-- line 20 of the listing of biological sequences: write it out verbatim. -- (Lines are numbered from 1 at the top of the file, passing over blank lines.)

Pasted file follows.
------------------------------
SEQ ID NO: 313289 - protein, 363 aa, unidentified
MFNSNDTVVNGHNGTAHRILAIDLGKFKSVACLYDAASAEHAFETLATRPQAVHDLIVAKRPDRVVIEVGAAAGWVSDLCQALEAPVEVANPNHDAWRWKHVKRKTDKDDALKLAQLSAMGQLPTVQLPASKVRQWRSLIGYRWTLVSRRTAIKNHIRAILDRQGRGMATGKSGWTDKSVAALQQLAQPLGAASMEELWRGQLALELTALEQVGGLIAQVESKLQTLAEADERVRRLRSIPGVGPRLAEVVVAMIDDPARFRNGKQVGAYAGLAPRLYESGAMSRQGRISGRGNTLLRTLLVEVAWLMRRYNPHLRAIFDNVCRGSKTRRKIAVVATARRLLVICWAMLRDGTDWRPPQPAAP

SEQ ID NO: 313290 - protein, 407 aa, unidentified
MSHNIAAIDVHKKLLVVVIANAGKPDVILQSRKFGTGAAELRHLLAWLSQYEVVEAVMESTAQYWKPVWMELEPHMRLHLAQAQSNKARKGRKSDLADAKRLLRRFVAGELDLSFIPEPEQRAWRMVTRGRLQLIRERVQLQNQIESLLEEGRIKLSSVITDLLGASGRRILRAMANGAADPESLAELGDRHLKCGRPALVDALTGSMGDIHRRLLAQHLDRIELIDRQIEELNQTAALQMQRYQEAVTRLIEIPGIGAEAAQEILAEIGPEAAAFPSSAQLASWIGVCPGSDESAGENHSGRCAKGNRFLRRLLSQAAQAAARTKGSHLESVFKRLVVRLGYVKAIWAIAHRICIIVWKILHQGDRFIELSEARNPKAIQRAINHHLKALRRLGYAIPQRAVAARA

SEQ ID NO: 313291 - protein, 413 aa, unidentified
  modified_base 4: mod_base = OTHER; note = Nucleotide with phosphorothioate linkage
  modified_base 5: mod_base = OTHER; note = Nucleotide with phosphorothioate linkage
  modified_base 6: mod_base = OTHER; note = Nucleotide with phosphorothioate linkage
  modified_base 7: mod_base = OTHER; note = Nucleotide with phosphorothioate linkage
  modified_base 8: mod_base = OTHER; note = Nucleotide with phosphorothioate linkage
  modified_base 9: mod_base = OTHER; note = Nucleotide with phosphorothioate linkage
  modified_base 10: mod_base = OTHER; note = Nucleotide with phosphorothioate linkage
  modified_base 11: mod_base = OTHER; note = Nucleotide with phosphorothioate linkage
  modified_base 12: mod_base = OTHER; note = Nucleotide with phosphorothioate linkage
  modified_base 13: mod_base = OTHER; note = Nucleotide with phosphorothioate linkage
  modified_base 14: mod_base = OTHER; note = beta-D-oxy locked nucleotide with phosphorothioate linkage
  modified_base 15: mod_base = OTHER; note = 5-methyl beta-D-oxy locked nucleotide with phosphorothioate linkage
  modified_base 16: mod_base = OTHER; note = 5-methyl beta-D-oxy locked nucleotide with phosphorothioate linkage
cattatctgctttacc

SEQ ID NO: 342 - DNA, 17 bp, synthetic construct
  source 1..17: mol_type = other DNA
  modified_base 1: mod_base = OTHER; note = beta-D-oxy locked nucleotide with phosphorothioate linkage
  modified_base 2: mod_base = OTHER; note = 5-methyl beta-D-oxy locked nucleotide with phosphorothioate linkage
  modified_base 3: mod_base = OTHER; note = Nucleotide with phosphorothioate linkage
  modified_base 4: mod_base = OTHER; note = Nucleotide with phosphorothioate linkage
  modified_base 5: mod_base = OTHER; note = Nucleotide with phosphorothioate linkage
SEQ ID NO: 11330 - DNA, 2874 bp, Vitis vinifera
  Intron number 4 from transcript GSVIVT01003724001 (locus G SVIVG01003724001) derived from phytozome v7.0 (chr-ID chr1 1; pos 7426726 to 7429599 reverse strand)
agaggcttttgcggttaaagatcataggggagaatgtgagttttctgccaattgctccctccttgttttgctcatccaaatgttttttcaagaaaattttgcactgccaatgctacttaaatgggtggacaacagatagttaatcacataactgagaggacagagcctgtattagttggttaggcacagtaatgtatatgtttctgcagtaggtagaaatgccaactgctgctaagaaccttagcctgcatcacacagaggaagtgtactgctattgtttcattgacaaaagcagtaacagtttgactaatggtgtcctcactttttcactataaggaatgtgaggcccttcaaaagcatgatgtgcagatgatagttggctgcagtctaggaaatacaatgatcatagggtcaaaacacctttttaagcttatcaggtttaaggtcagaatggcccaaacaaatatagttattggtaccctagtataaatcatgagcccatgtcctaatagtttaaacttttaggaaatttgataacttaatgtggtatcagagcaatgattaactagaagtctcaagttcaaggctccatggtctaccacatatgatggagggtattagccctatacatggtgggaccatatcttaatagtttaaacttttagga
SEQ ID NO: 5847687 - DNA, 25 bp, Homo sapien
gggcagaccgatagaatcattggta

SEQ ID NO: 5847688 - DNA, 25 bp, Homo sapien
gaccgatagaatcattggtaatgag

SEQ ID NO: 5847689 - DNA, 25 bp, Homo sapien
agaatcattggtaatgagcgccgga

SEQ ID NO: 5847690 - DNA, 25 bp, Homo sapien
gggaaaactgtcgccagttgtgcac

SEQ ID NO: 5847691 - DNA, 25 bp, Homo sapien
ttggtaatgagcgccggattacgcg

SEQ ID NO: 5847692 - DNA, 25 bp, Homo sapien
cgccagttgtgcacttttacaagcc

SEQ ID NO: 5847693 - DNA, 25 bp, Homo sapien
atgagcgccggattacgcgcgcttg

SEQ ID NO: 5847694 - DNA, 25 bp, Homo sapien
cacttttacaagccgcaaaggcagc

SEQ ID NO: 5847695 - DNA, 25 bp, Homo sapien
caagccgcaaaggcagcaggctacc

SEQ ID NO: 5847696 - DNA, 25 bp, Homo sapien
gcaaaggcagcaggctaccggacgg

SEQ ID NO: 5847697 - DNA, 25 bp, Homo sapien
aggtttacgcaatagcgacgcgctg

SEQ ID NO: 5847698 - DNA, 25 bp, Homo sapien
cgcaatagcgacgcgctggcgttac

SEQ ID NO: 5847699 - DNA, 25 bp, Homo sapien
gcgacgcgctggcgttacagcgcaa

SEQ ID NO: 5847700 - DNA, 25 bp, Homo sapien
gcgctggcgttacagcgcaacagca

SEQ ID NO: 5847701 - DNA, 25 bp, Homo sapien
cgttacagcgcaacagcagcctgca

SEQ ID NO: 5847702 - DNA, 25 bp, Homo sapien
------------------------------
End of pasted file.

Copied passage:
SEQ ID NO: 342 - DNA, 17 bp, synthetic construct